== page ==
A municipal bond is a debt security that’s issued by government entities, such as cities, states and counties, to fund day-to-day expenses and to finance projects, such as schools. Investors buy the bonds, and the government entity that issues the bonds pays the interest payments, also known as the coupon rate, at periodic intervals as specified by bond parameters. Typical repayment intervals are semi-annually. A bond’s maturity date – when the bond issuer repays the principal to the investor – can vary. Municipal bonds, also called munis, have varying maturity dates, which can range from one to 20-plus years.
What is a Municipal Bond Yield?
There are two types of municipal bond yields: current yield and yield to maturity. The current yield of a municipal bond is the annual return on the dollar amount of your investment (the interest you earn on the amount you paid for the bond). The yield to maturity is the rate of return you receive at the bond’s maturity date.
Municipal Bonds Advantages and Disadvantages
- The income you make on your investment in municipal bonds is typically tax-free, both at the federal and state level. Although the interest rate may look slight, the tax savings offsets this low-interest rate. Forbes offers this example: If your income places you in the 28 percent tax bracket, a municipal bond that pays 5 percent interest is comparable to dividend stocks or corporate bonds that pay a 6.94 interest rate.
- Purchasing municipal bonds and earning interest on your investment doesn't bump you up to the next tax bracket.
- Although it’s a minimal risk, government entities can default on paying municipal bonds. For example, if you hold a municipal bond in a city that files for bankruptcy, you may lose your money unless the city has bond insurance. Matt Fabian of Municipal Market Analytics noted in 2017 that municipal bond defaults are currently “experiencing modest volatility.”
- Investors face call risks. A “call” happens when a municipal bond issuer pays the bond in full before its maturity date. The U.S. Securities and Exchange Commission notes that many bonds are “callable” and recommends that potential investors understand a bond’s call requirements before investing.
Municipal Bonds Tax Free
Although the interest income you make on a municipal bond investment is usually exempt from federal and/or state taxes, there are some notable exceptions, including:
- Social Security benefits tax. The IRS includes the interest income you make from municipal bonds in your modified adjusted gross income to determine your taxable Social Security income. You may face a steep tax assessment of 85 percent if half of your Social Security benefits plus other income, which includes interest income from municipal bonds, is greater than $34,000 (if you file an individual tax return). This amount increases to $44,000 if you file jointly.
- State income tax. Although you’re typically exempt from paying state income taxes on municipal bonds that you purchase in your home state, out-of-state bonds don’t carry the same benefit. If you purchase a municipal bond outside your home state, you’ll typically pay that state’s income tax on the interest you earn.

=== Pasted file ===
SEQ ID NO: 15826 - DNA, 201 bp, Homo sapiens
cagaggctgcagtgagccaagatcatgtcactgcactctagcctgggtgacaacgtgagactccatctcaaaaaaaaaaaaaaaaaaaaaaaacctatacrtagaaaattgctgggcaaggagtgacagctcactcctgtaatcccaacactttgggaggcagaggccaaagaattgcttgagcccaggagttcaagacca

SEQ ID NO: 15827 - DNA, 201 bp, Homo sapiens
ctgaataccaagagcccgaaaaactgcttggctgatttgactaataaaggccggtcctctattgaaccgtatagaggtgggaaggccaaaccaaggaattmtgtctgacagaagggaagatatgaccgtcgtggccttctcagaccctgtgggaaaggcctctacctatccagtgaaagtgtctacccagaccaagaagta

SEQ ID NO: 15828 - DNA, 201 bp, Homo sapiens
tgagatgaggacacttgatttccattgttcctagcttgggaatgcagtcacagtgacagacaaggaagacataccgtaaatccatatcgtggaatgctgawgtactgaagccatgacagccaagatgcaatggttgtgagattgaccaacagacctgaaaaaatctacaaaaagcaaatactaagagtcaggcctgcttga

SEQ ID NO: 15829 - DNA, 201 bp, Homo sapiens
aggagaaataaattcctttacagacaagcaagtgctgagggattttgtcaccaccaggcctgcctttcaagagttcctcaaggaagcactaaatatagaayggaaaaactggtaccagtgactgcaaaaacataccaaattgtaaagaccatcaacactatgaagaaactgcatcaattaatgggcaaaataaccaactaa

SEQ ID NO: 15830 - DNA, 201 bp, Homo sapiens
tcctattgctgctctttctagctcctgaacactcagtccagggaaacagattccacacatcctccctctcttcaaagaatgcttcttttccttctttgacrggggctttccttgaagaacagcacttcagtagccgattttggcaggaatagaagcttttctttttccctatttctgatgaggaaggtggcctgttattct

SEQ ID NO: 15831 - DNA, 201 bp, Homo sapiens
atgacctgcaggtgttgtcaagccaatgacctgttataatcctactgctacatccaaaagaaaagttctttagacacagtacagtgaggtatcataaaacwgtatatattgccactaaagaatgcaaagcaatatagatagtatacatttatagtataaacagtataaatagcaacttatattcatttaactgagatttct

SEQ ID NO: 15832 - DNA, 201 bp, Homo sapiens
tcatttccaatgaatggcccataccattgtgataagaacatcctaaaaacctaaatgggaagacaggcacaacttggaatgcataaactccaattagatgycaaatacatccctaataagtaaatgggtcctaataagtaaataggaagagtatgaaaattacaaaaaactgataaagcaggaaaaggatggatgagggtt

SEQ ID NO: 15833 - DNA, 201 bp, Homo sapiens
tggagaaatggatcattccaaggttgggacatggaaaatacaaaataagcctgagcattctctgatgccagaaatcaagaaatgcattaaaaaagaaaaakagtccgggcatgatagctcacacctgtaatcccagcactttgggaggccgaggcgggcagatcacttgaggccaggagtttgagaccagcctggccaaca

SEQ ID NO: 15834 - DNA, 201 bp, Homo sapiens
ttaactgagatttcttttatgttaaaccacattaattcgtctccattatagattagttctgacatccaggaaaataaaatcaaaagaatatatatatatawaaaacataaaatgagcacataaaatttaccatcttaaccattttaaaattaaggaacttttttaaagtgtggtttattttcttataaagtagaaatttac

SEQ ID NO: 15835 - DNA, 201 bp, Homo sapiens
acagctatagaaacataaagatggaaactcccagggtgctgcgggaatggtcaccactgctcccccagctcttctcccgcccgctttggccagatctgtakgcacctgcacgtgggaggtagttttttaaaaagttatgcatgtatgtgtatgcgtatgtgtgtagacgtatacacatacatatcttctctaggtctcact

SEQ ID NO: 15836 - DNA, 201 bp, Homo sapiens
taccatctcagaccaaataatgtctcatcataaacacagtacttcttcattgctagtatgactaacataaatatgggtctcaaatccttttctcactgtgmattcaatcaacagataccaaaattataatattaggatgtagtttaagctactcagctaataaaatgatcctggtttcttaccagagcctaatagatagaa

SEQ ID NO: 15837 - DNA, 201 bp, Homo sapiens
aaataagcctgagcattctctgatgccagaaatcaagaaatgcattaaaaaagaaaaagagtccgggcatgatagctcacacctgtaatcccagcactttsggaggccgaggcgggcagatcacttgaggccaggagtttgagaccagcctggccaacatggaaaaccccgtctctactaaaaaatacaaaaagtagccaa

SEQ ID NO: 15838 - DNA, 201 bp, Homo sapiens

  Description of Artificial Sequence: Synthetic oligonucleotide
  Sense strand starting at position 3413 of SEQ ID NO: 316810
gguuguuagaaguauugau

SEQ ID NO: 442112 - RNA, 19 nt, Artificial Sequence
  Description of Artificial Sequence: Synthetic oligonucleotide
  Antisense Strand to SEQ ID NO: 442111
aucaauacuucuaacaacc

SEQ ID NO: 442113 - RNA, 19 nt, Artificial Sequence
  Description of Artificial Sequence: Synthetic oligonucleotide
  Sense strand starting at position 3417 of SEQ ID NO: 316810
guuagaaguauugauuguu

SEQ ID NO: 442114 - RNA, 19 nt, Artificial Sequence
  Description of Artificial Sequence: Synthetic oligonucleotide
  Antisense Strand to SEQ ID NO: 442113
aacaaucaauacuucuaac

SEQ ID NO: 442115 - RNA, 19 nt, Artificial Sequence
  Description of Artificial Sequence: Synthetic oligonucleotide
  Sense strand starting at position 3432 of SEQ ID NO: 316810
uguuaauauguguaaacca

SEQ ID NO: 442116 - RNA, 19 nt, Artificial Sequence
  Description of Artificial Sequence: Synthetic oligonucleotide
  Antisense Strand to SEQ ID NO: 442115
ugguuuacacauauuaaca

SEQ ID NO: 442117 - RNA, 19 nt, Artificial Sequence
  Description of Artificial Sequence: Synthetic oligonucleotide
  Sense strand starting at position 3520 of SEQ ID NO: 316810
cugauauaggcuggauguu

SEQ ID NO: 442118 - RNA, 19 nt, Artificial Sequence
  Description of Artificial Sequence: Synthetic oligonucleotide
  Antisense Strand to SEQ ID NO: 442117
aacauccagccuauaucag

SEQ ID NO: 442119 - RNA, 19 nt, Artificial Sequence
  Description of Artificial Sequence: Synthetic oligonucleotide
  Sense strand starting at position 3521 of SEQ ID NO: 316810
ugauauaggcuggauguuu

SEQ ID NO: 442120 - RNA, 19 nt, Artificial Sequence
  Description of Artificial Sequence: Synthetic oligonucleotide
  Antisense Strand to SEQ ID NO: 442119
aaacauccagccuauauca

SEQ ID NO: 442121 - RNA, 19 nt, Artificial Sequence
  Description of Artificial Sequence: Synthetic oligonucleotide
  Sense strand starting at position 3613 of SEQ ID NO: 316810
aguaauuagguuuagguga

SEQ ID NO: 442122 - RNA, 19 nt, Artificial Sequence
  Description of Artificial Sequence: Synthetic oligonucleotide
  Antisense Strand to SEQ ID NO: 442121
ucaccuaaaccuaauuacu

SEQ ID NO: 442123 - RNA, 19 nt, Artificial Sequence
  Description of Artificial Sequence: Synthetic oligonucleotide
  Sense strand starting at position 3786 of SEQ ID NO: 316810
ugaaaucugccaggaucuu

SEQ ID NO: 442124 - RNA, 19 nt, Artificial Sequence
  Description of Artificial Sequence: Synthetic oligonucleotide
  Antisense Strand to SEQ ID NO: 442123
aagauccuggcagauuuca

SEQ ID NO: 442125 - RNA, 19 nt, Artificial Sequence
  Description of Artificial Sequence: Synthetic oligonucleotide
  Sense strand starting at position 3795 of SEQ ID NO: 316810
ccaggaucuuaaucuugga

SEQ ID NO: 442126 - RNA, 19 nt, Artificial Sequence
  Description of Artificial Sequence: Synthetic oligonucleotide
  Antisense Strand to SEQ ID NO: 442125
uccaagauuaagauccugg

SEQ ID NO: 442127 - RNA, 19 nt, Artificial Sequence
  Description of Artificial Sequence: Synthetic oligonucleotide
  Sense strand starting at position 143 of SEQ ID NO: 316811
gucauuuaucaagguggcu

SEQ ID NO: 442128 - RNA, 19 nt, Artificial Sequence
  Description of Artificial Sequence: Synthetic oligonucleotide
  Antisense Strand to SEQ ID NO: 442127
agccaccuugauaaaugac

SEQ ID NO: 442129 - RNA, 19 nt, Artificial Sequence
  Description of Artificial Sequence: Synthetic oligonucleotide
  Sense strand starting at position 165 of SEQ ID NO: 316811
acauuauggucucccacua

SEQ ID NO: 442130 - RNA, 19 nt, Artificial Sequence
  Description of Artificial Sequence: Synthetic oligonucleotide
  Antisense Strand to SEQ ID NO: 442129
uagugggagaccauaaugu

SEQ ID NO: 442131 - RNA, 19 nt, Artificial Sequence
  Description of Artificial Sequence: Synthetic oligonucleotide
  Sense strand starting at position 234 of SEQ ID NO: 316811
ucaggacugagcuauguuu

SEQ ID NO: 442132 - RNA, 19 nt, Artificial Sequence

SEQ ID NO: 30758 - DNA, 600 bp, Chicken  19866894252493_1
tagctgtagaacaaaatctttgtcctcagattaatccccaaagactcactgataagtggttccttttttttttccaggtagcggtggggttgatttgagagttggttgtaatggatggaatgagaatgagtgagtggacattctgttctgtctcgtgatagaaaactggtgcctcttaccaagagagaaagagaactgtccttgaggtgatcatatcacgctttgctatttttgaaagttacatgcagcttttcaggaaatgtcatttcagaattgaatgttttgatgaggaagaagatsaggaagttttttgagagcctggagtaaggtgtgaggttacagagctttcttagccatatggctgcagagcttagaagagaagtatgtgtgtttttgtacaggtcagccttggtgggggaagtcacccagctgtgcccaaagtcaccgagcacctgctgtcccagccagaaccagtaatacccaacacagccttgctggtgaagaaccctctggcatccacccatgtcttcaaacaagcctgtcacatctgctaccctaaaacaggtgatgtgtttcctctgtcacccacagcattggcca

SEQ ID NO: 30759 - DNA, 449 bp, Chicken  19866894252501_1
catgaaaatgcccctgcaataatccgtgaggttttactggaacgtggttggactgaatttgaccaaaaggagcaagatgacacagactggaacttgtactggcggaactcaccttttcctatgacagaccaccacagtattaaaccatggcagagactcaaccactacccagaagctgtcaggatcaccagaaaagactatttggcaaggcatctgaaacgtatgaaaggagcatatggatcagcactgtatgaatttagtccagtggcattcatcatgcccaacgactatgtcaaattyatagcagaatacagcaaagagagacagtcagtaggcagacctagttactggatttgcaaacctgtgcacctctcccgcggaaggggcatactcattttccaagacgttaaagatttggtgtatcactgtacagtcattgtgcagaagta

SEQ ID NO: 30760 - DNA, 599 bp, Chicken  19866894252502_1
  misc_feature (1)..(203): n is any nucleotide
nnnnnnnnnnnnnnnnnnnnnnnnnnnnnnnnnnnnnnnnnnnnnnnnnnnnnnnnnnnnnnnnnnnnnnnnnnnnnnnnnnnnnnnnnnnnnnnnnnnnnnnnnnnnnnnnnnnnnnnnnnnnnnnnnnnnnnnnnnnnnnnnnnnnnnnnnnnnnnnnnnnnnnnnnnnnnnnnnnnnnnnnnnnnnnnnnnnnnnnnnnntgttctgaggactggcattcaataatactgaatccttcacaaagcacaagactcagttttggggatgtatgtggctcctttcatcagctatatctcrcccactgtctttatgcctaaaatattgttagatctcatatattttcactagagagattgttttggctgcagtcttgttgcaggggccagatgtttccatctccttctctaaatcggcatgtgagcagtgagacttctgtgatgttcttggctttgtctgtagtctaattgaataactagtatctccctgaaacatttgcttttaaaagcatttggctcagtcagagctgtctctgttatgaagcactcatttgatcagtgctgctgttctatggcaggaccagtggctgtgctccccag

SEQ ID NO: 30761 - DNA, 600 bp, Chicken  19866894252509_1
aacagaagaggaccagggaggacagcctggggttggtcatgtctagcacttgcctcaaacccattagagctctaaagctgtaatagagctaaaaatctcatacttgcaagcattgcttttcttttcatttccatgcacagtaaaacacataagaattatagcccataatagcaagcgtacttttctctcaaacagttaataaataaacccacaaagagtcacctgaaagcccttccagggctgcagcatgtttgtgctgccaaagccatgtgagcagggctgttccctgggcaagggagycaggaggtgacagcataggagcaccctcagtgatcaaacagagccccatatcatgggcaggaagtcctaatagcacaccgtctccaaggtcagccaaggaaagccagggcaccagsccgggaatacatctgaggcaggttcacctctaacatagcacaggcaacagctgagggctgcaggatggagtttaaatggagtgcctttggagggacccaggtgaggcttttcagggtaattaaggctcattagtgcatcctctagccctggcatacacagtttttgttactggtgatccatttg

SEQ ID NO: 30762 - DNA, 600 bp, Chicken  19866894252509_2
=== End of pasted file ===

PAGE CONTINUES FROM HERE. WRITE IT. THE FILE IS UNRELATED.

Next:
- Municipal bonds tax. Some municipal bonds are subject to federal taxes. One example is the Build American Bonds (BAB) program. Municipal bonds issued under the BAB program are federally taxable. This is not necessarily a drawback, however, because taxable bonds often pay a higher rate of interest to compensate investors for the tax penalty.
Types of Municipal Bonds
According to the U.S. Securities and Exchange Commission, the types of municipal bonds fall under two categories:
- General obligation bonds, which are unsecured, and backed only by the “full faith and credit” of their issuers.
- Revenue bonds, which are backed by revenues from a specific source or project, such as a highway toll.
Municipal Bonds Examples
Municipal bonds raise money to improve infrastructures, such as roads, bridges and airports. These bonds also provide construction funds for building schools, hospitals and water/wastewater facilities. Although the
- Forbes: Municipal Bonds - Wall Street's Hidden 6.5% Income Secret
- U.S. Securities and Exchange Commission: What are Municipal Bonds?
- Barron's: Uptick in Muni Defaults Could Hurt More Investors in 2017
- Charles Schwab Corporation: Not Always Tax Free - 7 Municipal Bond Tax Traps
- Brookings: Building Better Infrastructure with Better Bonds
- The GMS Group: Municipal Bond Market Yields
- Invesco. "Primer on Municipal Bonds," Page 2. Accessed April 11, 2020.
- Internal Revenue Service. "General Rules for Private Activity Bonds," Pages 58-61. Accessed April 11, 2020.
- Invesco. "Primer on Municipal Bonds," Page 4. Accessed April 11, 2020.
- S&P Global. "S&P Global Ratings Definitions." Accessed April 11, 2020.
- Moody's Investors Service. "Rating Scale and Definitions," Page 1. Accessed April 11, 2020.
- Invesco. "Primer on Municipal Bonds," Page 7. Accessed April 11, 2020.
- VanEck. "Muni Bonds Report Reinforces Stability." Accessed April 11, 2020.
- U.S. Securities and Exchange Commission. "Treasury Securities." Accessed April 11, 2020.
Victoria Lee Blackstone was formerly with Freddie Mac’s mortgage acquisition department, where she funded multi-million-dollar loan pools for primary lending institutions, worked on a mortgage fraud task force and wrote the convertible ARM section of the company’s policies and procedures manual. Currently, Blackstone is a professional writer with expertise in the fields of mortgage, finance, budgeting and tax. She is the author of more than 2,000 published works for newspapers, magazines, online publications and individual clients.